Christmas

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Jukebox

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            THE GREATEST JUKEBOX IN 
                    THE WORLD EVER


In My Opinion These Are The Very Best Songs Ever Recorded In The History Of Popular Music. If It isn't In The Jukebox List It's Because It's Either Rubbish Or I Ain't Got Round To Including It Yet.
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10,000 Maniacs Because The Night

10,000 Maniacs Candy Everybody Wants

10,000 Maniacs Eat For Two

10,000 Maniacs Like The Weather

10,000 Maniacs Trouble Me

10,000 Maniacs What's The Matter Here

Acker Bilk Stranger On The Shore

Adam Faith Someone Else's Baby

Alanis Morissette Ironic

Alanis Morissette King Of Pain

Alanis Morissette Thank You

Alexander O'Neal Criticize

Alexander O'Neal Hearsay

Alexander O'Neal If You Were Here Tonight

Alice Cooper Elected

Alice Cooper Hello Hooray

Alice Cooper I'm Eighteen

Alice Cooper No More Mr Nice Guy

Alice Cooper School's Out

Alison Moyet All Cried Out

Alison Moyet For You Only

Alison Moyet Invisible

Alison Moyet Is This Love

Alison Moyet Love Resurrection

Alison Moyet Ordinary Girl

Alison Moyet That Old Devil Called Love

Alison Moyet Weak In The Presence Of Beauty

Amy Winehouse Rehab

Amy Winehouse Valerie

Bill Haley & The Comets Rock Around The Clock

Bill Haley & The Comets See You Later Alligator

Billy Fury Long Live Rock

Bobby Darin Dream Lover

Bobby Darin Splish Splash

Bobby Darin Multiplication

Bobby Vee Rubber Ball

Bobby Vee Take Good Care Of My Baby

Bobby Vee The Night Has A Thousand Eyes

Brenda Lee Let's Jump The Broomstick

Brenda Lee Sweet Nuthins

Bryan Hyland Sealed With A Kiss

Buddy Holly Brown Eyed Handsome Man

Buddy Holly Crying Waiting Hoping

Buddy Holly Everyday

Buddy Holly Fools Paradise

Buddy Holly Heartbeat

Buddy Holly It Doesn't Matter Anymore

Buddy Holly It's So Easy

Buddy Holly Maybe Baby

Buddy Holly Oh Boy

Buddy Holly Peggy Sue

Buddy Holly Raining In My Heart

Buddy Holly Rave On

Buddy Holly Reminiscing

Buddy Holly Take Your Time

Buddy Holly That'll Be The Day

Buddy Holly Think It Over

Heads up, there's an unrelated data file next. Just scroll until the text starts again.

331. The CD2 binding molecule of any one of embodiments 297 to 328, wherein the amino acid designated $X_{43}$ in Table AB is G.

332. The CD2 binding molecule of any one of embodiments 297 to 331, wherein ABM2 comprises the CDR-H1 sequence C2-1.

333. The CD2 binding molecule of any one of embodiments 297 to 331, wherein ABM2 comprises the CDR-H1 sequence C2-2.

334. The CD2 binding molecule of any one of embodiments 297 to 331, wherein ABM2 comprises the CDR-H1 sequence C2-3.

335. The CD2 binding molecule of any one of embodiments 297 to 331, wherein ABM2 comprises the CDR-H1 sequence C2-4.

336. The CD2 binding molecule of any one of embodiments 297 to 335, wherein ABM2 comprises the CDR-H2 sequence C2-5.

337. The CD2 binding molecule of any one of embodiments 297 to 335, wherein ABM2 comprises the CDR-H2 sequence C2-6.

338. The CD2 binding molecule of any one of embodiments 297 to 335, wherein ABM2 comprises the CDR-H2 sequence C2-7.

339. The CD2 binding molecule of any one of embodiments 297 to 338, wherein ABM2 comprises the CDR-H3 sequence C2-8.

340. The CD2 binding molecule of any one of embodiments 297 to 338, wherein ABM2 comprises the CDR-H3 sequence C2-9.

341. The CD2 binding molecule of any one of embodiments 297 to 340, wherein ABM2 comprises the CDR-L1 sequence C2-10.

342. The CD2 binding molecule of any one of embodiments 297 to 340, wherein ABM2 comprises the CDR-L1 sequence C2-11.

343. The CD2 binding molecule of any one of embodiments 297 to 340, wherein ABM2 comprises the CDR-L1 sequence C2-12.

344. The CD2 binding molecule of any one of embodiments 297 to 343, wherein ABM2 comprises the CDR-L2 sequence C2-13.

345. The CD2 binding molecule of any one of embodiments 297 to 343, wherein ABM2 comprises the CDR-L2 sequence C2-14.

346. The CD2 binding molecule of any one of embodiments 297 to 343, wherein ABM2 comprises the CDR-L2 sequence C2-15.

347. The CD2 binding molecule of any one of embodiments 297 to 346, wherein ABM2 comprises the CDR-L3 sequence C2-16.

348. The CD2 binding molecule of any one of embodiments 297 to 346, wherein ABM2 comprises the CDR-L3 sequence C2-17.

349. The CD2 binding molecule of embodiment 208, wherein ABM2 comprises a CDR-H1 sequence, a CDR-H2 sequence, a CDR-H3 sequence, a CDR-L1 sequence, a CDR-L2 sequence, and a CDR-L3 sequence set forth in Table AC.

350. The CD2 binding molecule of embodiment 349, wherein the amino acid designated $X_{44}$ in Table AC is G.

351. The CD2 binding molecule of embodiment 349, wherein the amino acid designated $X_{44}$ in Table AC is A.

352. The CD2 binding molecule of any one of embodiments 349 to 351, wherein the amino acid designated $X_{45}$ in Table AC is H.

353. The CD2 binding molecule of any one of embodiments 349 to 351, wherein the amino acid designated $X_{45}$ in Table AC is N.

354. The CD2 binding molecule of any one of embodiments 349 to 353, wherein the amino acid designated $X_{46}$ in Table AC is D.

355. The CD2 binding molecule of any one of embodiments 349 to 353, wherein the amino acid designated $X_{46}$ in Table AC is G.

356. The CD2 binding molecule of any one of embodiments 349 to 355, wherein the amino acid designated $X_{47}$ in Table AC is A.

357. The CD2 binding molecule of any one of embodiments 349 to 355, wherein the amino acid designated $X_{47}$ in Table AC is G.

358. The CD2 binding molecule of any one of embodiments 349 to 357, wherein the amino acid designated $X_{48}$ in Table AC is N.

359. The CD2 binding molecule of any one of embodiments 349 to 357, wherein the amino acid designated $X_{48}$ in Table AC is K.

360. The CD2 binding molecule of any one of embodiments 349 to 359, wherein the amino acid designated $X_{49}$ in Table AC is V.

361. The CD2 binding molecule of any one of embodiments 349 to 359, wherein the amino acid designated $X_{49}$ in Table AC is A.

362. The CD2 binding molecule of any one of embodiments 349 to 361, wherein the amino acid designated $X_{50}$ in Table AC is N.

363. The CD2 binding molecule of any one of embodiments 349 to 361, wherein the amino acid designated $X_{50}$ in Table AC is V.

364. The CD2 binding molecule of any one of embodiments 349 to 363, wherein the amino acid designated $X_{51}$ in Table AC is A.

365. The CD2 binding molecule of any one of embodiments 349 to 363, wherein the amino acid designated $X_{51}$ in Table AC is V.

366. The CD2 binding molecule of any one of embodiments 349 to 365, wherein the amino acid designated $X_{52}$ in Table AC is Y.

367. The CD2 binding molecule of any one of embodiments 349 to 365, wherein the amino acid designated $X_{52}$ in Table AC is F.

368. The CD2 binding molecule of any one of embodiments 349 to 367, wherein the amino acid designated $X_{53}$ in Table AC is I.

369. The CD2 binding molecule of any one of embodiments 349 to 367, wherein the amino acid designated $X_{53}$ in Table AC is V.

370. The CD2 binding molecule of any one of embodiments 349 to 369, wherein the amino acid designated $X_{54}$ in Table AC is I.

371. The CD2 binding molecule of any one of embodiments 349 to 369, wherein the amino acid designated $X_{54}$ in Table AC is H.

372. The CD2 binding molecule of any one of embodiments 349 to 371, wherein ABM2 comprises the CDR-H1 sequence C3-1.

Buddy Holly True Love Ways

Buddy Holly Words Of Love

Carol King It Might As Well Rain Until September

Chris Montez The More I See You

Chubby Checker Let's Twist Again

Chuck Berry Johnny B Goode

Cliff Richards Bachelor Boy

Cliff Richards Congratulations

Cliff Richards Living Doll

Cliff Richards Lucky Lips

Cliff Richards On The Beach

Cliff Richards Summer Holiday

Cliff Richards The Young Ones

Connie Francis Lipstick On Your Collar

Craig Douglas Pretty Blue Eyes

Danny & The Juniors At The Hop

Dave Clark Five Bits And Pieces

Dave Clark Five Catch Us If You Can

Dave Clark Five Do You Love Me

Dave Clark Five Glad All Over

Del Shannon Hat's Off To Larry

Del Shannon Runaway

Del Shannon So Long Baby

Dion Runaround Sue

Dion Teenage In Love

Doris Day Move Over Darling

Dusty Springfield I Only Want To Be With You

Eddie Cochran Somethin Else

Eddie Cochran Three Steps To Heaven

Elvis Presley Burning Love

Elvis Presley Hound Dog

Elvis Presley It's Now Or Never

Elvis Presley Return To Sender

Emile Ford & Checkmates What Do You Want To Make Those Eyes

Ernie K Doe Mother In Law

Fats Domino I'm Ready

Floyd Cramer On The Rebound

Frankie Avalon De De Dinah

Frankie Avalon Gingerbread

Frankie Laine Champion The Wonderhorse

Frankie Lymon & The Teenagers Why Do Fools Fall In Love

Freddie And The Dreamers Do The Freddie

Freddie And The Dreamers I'm Telling You Now

Freddie And The Dreamers You Were Made For Me

Freddie Cannon Tallahassie Lassie

Geno Washington Que Sera Sera

George Formby Bango Boy

George Formby Happy Go Lucky Me

Gerry & The Pacemakers Don't Let The Sun Catch You Crying

Gerry & The Pacemakers Ferry Cross The Mersey

Gerry & The Pacemakers How Do You Do It

Gerry & The Pacemakers I Like It

Gerry & The Pacemakers I'm The One

Gerry & The Pacemakers You'll Never Walk Alone

Helen Shapiro Walking Back To Happiness

Helen Shapiro You Don't Know

Hermans Hermits Henry The Eighth

Hermans Hermits I'm Into Something Good

Hermans Hermits Mrs Brown You've Got A Lovely Daughter

Hermans Hermits No Milk Today

Hermans Hermits Silhouettes

Hermans Hermits Wonderful World

Jerry Lee Lewis Breathless

Jerry Lee Lewis Great Balls Of Fire

Jerry Lee Lewis High School Confidential

Jerry Lee Lewis Whole Lot Of Shaking Going On

Jimmy Jones Timing

John Leyton Johnny Remember Me

John Leyton Wild Wind

Johnny And The Hurricanes Red River Rock

Johnny And The Hurricanes Rocking Goose

Johnny Tillotson Poetry In Motion

Kathy Kirby Let Me Go Lover

Kenny Lynch Up On The Roof

Lee Marvin Wandering Star

Leslie Gore It's My Party

Little Eva Let's Turkey Trot

Little Eva The Locomotion

Little Richard Good Golly Miss Molly

Little Richard Keep a Knockin

Little Richard Lucille

Little Richard Tutti Frutti

Lonnie Donegan My Old Mans A Dustmen

Lord Rockinghams XI Hoots Mon!

Lulu Shout

Lynyrd Skynyrd Free Bird

Lynyrd Skynyrd Simple Man

Lynyrd Skynyrd Sweet Home Alabama

Lynyrd Skynyrd That Smell

Marty Wilde A Teenager In Love

Marv Johnson You Got What It Takes

Neil Sedaka Breaking Up Is Hard To Do

Neil Sedaka Calendar Girl

Neil Sedaka Happy Birthday Sweet Sixteen